Monday, June 9

Making a DragonCon Costume: Another Adventure

In a previous post, I talked about the idea of making a Littlefinger costume when one (OK, me) doesn't know how to sew. I decided to abstract the costume for practical concerns, such as my total lack of putting threaded needle to clothes and the Atlanta climate in September among 52,000 people (about the size of Hoboken, NJ). I went into my first fabric store to see what options I had for making a costume, starting with no set notion of how this would be done. I was a blank slate.

A few days after, I went into another such store, this time a member of a national franchise -- 790 stores in 49 states, says their website. But this store is much more than fabrics; it covers crafts and art supplies and hokey smoke this store is huge. Immediately, I found a larger sample of fabrics and pieces of a potential costume. Of course, I would have been overwhelmed had I gone here first. I am grateful to have wandered through the first, smaller store. I blow them David Letterman kisses. God love ya.

However, this second store was the sewing equivalent of Toys R Us. I could see how making costumes could be addictive. If someone (not me) knew what they were doing, this would be a regular haunt, sucking dry the wallet on a weekly basis. I am not that person because I have not yet experienced the crushing defeat of failed ideas and time management. My crafting adventure is all hypothetical right now, all shiny and new like romance on the Love Boat. I float in a fog of blissful ignorance. I intend to enjoy this while it lasts, but that knowledge is balanced by an awareness that I need to get to work. I have to leave time for failure and recovery and hangovers and apologies and second and third tries.

Remember, we're working of this costume style abstracted for comfort and low skill level. Here's what I found:

Hi, textured fabrics. We gonna be friends.

I'm thinking the bulk of the work will be folding and fastening the fabric atop itself. Then I'll look at attaching it to the jacket. But what to what extent? Do I anchor it to the jacket at both edges of each strip? Do I make a backing panel beneath the folds and attach that panel to the jacket? Can I affix this at the shoulders only/ Do I only anchor the top fabric only at the neckline? No option is excluded yet.

The other bit of work will be the gold accents, and the above picture makes it more obvious that they are lines of gold dots. I saw some possibilities for these in the first store, including individual beads or flat ribbons. This second store gave me what I was looking for.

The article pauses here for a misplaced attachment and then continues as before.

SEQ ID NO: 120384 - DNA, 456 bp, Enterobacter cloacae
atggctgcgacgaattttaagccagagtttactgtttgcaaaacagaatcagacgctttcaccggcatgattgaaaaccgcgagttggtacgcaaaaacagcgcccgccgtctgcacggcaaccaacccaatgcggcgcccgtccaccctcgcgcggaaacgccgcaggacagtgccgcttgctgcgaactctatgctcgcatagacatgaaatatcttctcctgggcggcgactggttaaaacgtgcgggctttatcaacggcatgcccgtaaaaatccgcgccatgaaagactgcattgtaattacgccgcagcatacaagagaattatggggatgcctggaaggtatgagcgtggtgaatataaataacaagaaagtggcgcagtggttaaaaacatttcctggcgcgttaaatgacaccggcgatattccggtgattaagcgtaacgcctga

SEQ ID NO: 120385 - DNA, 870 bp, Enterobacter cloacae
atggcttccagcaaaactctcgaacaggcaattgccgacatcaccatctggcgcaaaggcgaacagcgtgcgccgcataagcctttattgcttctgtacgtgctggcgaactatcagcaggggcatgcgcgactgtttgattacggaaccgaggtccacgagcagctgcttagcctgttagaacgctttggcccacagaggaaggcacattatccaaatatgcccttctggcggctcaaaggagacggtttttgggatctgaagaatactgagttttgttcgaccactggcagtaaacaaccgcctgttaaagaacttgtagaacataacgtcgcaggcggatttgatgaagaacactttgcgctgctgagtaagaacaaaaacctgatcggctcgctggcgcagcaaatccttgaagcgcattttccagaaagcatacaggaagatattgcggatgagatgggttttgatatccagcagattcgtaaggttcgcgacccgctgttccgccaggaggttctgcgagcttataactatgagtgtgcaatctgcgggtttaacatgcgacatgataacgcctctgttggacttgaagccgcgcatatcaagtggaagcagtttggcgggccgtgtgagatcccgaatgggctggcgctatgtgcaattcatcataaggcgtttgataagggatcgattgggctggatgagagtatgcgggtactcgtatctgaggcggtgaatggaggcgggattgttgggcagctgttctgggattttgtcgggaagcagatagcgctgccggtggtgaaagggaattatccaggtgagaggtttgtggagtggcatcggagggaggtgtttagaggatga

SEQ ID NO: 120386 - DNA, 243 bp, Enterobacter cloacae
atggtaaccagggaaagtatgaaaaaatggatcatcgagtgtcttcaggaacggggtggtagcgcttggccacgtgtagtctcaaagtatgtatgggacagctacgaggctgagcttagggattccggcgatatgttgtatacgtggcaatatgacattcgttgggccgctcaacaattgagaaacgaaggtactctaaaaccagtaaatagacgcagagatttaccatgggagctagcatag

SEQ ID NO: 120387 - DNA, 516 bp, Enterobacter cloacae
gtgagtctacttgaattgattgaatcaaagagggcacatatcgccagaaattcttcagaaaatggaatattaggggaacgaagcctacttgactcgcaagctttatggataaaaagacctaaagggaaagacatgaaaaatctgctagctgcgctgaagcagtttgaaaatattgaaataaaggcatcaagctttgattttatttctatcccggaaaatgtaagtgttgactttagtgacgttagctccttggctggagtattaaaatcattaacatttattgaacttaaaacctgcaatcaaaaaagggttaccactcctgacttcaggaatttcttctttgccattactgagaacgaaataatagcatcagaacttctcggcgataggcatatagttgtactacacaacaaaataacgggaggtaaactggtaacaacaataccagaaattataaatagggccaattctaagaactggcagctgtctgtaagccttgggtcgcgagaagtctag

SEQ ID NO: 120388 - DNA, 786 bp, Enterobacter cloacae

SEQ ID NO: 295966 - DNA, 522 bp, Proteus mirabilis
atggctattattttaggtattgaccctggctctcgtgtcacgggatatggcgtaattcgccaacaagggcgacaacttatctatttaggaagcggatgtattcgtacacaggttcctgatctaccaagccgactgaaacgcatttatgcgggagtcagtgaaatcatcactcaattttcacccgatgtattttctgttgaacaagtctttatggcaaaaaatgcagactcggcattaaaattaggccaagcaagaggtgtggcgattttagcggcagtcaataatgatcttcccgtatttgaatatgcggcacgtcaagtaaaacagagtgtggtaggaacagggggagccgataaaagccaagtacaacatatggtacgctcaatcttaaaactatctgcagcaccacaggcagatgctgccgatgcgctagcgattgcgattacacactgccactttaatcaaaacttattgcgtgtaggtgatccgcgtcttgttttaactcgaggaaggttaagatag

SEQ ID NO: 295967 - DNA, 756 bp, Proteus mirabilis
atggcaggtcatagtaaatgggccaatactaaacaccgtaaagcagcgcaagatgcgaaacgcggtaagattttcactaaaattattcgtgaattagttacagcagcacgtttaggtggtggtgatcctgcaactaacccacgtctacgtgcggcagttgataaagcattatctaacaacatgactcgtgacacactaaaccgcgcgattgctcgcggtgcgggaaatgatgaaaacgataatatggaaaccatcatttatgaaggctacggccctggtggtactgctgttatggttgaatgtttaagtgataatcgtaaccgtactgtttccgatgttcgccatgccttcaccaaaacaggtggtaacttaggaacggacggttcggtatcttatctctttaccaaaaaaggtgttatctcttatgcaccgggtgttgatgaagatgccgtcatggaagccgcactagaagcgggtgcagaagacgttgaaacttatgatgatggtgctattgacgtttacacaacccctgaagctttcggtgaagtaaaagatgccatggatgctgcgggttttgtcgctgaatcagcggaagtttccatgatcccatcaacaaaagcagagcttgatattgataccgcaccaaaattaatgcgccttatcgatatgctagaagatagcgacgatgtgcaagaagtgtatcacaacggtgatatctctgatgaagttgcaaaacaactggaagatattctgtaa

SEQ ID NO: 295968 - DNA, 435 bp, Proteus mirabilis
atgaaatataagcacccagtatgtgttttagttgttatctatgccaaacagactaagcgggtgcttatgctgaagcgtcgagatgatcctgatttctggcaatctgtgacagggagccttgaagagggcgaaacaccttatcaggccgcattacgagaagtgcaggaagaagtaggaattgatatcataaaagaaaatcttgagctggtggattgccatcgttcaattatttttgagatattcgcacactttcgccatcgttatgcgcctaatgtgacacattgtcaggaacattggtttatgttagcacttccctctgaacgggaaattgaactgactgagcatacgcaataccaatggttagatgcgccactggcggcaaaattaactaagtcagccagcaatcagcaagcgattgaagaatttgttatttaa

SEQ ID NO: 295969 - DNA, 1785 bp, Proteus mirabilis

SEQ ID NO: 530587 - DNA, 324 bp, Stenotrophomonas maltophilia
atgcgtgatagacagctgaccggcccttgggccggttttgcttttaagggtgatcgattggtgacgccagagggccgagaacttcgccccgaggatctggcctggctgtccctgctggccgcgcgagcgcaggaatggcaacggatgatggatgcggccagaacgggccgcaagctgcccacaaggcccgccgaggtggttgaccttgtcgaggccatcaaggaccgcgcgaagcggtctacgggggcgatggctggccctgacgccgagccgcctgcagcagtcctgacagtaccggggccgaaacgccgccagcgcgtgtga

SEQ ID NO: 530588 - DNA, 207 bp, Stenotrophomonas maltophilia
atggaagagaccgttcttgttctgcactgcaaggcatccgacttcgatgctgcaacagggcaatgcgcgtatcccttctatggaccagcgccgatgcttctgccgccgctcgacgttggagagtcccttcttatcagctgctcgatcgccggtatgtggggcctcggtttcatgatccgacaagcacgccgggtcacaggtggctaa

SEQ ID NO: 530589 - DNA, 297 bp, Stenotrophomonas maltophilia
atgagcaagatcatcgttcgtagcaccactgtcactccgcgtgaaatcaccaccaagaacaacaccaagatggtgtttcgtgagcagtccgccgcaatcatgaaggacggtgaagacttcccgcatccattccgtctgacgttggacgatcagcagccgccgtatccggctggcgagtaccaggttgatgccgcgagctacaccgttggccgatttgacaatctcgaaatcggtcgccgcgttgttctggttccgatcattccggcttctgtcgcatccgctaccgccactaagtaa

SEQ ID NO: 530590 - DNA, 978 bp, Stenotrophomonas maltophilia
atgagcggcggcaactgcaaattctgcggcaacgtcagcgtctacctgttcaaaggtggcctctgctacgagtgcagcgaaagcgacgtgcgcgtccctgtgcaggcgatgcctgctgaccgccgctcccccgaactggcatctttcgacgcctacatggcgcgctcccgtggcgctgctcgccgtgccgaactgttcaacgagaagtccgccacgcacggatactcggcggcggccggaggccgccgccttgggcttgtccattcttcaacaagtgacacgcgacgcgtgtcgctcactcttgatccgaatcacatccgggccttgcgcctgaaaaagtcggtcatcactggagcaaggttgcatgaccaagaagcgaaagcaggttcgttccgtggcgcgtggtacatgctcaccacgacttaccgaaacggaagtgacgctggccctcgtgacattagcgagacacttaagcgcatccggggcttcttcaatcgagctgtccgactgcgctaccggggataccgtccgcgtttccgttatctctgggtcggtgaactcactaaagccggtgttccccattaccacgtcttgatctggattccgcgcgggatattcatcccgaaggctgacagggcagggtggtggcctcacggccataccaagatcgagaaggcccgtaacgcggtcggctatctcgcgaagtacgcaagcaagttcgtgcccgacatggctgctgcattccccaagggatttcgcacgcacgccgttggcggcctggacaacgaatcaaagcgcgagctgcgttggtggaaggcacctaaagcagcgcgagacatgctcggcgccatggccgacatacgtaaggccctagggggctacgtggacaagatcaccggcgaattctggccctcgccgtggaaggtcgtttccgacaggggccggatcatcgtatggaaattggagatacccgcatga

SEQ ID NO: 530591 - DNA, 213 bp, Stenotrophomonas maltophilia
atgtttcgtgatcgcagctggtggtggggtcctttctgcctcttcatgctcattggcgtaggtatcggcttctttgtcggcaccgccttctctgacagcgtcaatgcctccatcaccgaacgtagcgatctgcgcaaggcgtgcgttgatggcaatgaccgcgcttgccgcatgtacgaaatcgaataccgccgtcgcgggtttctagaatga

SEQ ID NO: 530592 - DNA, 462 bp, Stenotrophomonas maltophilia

A string of sequins would be easier to attach. I wouldn't have to set each one onto the fabric. Maybe I could sew the string to that "Celtic poncho" every three inches or so. That sounds OK to June Me, but admittedly maybe less so to August Me.

Still, whether they are individual or on strings, sequins already make me paranoid that they will detach. I can see that hovering over my brain all day, making me fear each small and unavoidable collision at DragonCon. They will average out to about one every minute. But sewing would be more dependable than the iron-on nailheads. The change of climates moving inside and out at the convention would weaken those. What about the one thing I didn't find at the first store?

Paint paint paint. To me, at this point, the more attractive option is to sit and dab hundreds of dots onto the fabric. I've done similar work in earlier non-costume projects. I can zone out and get that done, unlike with sewing which will require my alert attention at each step. A strong paint or dye can survive a hectic day of movement and grazes. A 3D paint can scrape off too. But a dye will set in the fabric. It won't go nowhere.

I might check another store or two for fabric options, but I think I found my dot solution. 

I also need to think about footwear. If I get new shoes for the costume, I'll need to break them in. I found these at Target.

This style will work fine. The jacket will cover the tops of my shoes, and unless I'm wearing Converse All-Stars, almost any shoe will do (as long as it's a loafer). I don't have to get these, of course. I can hit up thrift stores for shoes already broken in and cheaper. Broken in and cheaper, that's my gold standard.

I talked to my wife about what I had discovered, coincidentally while she was sewing another stole to her robes for graduation. She has practically more stoles than I have years in college. I felt pretty confident about the direction I was headed with the amount of time remaining, and then she asked the magic question.

"Why don't you let me sew it?"

Man, part of me would love to hand this off to her. She can do it. She would love to noodle through the same questions of construction and hit upon the perfect solution. But I want that too. I'm selfish about that. Also, I don't want to throw this at her and have her fix my problem. This is my costume with my set of obstacles to overcome. Walking away from it would mean I quit. And I'm old enough that I need to learn to sew.

I would not mind, I told her, learning at her side. Perhaps she could show me the first few stitches and hand it off. I could give it a try for a few feet of fabric and then have her inspect it. We can still tag-team on this, but I'd feel like a heel if I shrugged it off.

I did tell her that if I fell into the well of despair, I would gladly look to her for help, but it would not be at the last second. I would give her plenty of time to set the costume straight. That means I need to get started soon so I'll have that time to get my footing or give her time to rescue the project if I can't hack it.

Maybe by this time next week I'll make some stitches on a sample of fabric. Maybe.

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